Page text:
The concept of the rapture wasn't really established until the 1830s, by a man named Darby. There's a reason that no one in Church history believed in such a thing for the first 1800 years - it's pretty hard to find this idea in the Bible. And though it's frequently taught in churches, there are still many today who can't find it in the Bible. Craig Keener, an evangelical New Testament scholar, has said about the rapture, "I am reasonably certain that today the majority of evangelical biblical scholars (as well as virtually all other Christian biblical scholars) reject it." Those bright people who read and study the Bible as thoroughly as they can, talk with other experts about it, and read Greek, Hebrew, and Aramaic for a living, those people don't see the rapture in there.

I don't have all the answers about Jesus's return, the resurrection of the dead, or what happens when God makes all things new and the old passes away (Isa 65:17; Rev 21:1, 5). I believe in these things. I have ideas about them, scriptures that I lean on - but I see through a glass, dimly. I haven't got all the answers.
But the rapture is one answer that I was told through all my years growing up that I don't believe is much of an answer at all anymore. I don't see it in the Bible, and I don't see what it would have to do with God's plans for the world anyways. And did I mention that I don't see it in the Bible?
I think we can have hope and be encouraged by what we await from Jesus; I don't want people to be uniformed about that (see 1 Thess 4:13, 18)... but that's exactly why I don't teach the rapture.


For another, nice piece that covers a lot of the same ground, see this article by Catholic apologist and Bible scholar John Martignoni.

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Monday, March 16, 2015

Kay Warren on the loss of her son

I've been thinking lately about some of the losses people around me have experienced in the last few years and the pain that they're dealing with still. We've seen far too much of this in the Grace Church family.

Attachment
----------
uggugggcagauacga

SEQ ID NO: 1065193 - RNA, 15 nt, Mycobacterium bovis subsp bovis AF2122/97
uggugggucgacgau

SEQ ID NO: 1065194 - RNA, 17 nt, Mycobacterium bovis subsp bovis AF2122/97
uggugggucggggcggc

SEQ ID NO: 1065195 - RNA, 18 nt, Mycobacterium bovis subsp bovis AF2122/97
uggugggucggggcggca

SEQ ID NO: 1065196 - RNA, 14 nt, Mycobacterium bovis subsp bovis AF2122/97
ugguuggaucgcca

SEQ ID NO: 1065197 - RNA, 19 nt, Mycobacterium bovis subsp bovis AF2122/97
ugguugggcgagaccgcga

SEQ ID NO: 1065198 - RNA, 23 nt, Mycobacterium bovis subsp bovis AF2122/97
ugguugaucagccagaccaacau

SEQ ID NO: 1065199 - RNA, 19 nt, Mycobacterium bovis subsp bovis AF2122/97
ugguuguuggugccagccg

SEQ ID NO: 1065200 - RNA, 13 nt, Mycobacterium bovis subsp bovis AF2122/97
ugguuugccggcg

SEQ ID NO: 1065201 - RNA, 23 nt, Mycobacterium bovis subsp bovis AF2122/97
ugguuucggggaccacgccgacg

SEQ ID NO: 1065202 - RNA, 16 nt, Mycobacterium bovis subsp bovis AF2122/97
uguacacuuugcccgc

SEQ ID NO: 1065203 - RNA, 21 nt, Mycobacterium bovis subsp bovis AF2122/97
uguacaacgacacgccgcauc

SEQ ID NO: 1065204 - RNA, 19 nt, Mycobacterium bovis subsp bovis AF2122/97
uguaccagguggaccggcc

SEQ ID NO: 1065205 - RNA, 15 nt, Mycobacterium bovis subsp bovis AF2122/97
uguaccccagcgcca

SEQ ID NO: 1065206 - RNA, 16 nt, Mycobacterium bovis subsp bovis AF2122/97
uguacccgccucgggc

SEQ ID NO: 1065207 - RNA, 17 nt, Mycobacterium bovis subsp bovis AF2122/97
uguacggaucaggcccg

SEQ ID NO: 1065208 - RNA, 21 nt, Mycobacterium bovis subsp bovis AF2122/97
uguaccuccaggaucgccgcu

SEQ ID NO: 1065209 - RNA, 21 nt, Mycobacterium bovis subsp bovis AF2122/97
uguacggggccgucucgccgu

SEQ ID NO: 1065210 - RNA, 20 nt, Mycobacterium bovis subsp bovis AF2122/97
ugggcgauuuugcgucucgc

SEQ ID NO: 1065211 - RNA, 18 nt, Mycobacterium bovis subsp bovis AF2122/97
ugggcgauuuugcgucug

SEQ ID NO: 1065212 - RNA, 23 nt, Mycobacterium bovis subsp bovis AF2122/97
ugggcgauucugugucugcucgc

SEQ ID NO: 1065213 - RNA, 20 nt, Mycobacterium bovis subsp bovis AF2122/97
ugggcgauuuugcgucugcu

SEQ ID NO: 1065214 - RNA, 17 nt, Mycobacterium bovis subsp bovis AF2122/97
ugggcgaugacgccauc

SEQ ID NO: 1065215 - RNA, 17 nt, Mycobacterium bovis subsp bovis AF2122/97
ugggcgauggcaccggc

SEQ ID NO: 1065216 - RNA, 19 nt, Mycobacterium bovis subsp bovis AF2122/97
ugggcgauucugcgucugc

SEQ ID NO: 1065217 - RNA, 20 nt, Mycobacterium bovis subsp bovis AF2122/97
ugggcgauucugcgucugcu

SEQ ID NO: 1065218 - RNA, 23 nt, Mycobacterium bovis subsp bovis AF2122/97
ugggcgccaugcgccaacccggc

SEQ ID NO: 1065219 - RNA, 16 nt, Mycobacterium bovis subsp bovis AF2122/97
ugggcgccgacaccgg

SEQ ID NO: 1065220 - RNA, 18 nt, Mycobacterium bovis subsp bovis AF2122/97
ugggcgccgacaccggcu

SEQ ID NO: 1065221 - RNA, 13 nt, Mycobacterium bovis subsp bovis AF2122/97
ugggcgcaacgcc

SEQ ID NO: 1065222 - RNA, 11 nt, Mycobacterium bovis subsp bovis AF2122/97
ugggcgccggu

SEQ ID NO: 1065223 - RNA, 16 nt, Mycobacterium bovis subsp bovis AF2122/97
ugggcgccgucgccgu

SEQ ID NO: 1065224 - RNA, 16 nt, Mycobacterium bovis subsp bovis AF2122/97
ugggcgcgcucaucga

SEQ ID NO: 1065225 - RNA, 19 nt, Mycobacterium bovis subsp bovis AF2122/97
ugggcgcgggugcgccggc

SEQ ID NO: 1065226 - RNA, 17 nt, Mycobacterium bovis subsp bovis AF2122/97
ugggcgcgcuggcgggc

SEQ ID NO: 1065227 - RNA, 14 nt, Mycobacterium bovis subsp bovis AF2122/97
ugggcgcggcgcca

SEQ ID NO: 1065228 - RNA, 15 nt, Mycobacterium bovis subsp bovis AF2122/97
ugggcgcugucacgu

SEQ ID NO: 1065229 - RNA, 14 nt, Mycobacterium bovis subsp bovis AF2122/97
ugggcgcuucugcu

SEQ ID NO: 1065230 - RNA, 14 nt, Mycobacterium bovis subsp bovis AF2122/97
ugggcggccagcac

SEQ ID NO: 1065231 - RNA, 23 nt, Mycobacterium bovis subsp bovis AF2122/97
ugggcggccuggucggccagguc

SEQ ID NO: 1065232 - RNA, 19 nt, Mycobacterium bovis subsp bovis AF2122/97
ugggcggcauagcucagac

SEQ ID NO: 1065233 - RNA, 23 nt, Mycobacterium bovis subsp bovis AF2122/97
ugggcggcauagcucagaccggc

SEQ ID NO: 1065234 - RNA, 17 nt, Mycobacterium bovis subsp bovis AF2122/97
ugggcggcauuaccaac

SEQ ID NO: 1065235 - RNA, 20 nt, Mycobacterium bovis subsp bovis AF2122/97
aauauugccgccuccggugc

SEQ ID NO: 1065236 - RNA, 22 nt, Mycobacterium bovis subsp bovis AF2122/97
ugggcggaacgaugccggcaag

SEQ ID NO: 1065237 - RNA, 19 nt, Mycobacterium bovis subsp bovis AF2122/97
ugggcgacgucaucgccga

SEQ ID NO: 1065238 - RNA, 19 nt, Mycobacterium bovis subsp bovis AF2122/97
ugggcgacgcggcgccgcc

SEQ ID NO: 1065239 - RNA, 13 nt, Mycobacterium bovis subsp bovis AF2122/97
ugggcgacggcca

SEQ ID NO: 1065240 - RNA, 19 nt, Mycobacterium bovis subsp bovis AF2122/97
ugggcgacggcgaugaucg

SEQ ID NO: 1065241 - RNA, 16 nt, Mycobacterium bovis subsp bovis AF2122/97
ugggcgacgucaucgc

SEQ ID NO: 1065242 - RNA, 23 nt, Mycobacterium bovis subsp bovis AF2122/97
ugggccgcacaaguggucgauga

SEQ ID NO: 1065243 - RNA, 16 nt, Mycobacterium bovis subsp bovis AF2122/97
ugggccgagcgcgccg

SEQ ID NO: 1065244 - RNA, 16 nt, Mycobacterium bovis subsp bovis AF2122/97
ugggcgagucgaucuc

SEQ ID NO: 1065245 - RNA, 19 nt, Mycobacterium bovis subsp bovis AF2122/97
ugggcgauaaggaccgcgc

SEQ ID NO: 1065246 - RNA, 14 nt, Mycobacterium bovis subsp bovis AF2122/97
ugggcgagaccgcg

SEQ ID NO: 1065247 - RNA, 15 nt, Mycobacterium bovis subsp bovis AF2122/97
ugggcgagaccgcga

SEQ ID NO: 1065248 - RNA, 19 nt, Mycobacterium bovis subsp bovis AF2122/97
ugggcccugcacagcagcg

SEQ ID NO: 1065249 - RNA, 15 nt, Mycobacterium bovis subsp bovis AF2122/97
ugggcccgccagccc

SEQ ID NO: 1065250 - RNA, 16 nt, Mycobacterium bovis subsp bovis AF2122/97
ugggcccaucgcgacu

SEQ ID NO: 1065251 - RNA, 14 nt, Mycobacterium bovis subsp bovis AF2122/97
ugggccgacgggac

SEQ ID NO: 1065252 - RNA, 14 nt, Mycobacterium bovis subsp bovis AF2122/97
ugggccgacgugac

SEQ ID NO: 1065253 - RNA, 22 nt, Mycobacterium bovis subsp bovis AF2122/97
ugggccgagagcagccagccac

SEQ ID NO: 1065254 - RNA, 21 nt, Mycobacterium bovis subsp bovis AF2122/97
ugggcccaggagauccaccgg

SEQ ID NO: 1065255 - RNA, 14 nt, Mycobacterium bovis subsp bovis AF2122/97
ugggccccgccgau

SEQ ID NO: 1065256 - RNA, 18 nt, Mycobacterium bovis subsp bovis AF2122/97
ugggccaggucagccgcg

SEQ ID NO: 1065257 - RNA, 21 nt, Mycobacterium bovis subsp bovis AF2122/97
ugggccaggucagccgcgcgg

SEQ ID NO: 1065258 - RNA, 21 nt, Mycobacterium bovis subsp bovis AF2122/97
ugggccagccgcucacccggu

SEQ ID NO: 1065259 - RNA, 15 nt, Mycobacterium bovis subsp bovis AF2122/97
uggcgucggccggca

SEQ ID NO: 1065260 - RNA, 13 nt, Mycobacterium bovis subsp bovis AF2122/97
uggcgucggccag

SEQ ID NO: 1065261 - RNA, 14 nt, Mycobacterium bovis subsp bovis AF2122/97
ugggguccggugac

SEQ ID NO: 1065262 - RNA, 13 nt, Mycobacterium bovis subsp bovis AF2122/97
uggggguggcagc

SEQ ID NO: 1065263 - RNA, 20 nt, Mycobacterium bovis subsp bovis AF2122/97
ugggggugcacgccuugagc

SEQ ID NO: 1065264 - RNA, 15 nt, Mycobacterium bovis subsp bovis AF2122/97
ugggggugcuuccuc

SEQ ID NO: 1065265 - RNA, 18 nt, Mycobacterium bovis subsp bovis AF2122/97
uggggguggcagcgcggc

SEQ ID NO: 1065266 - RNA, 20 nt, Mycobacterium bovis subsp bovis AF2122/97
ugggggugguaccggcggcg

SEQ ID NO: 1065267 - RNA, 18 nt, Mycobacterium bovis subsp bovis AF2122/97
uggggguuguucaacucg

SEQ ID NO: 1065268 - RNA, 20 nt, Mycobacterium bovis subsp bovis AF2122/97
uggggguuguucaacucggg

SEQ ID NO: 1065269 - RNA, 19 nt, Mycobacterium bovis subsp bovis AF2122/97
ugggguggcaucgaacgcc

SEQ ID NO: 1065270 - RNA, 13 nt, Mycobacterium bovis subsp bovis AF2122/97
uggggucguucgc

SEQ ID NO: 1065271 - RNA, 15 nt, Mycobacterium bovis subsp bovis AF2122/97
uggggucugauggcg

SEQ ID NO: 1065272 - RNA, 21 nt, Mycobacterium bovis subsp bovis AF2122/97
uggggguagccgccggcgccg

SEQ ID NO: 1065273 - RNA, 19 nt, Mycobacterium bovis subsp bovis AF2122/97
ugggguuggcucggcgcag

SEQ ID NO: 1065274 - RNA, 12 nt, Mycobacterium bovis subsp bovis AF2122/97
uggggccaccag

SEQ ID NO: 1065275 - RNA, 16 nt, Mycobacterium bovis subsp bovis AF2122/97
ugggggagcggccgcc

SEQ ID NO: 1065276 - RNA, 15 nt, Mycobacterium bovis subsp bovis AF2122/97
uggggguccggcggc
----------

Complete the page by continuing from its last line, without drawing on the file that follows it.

This morning, all of this reminded me that I've been meaning to check out Kay Warren. Kay (yes, her husband is Rick Warren, of The Purpose-Driven Life fame) has had a lot to share over the last two years about loss and grief and hurt because, in April of 2013, her son Matthew took his own life. He had suffered from mental illness, and eventually he decided that the pain just had to stop. While not entirely surprised, his family was entirely devastated.

Last year, as the first anniversary of Matthew's death drew closer, Kay wrote a post on Facebook which exploded across the internet. Among other things in it, she said:

As the one-year anniversary of Matthew's death approaches, I have been shocked by some subtle and not-so-subtle comments indicating that perhaps I should be ready to 'move on.' … I have to tell you – the old Rick and Kay are gone. They're never coming back. We will never be the same again.

Don't tell me to get over it.
Don't tell me to go on with my life.
That life is gone. Period.

Her words echo the frustrations and struggles of so many who are mourning, and the rest of us need to take note.

When I decided to look up Kay Warren, I discovered an interview she did with Christianity Today about a year ago, Kay Warren: A Year of Grieving Dangerously. The interview's relatively long, but I can't exaggerate how worthwhile it is. If you've lost someone and experienced that hurt, if someone close to you is burdened by the pain of loss, please read this interview. I would excerpt a bit of it, but to me almost every line was pure gold. Just read it.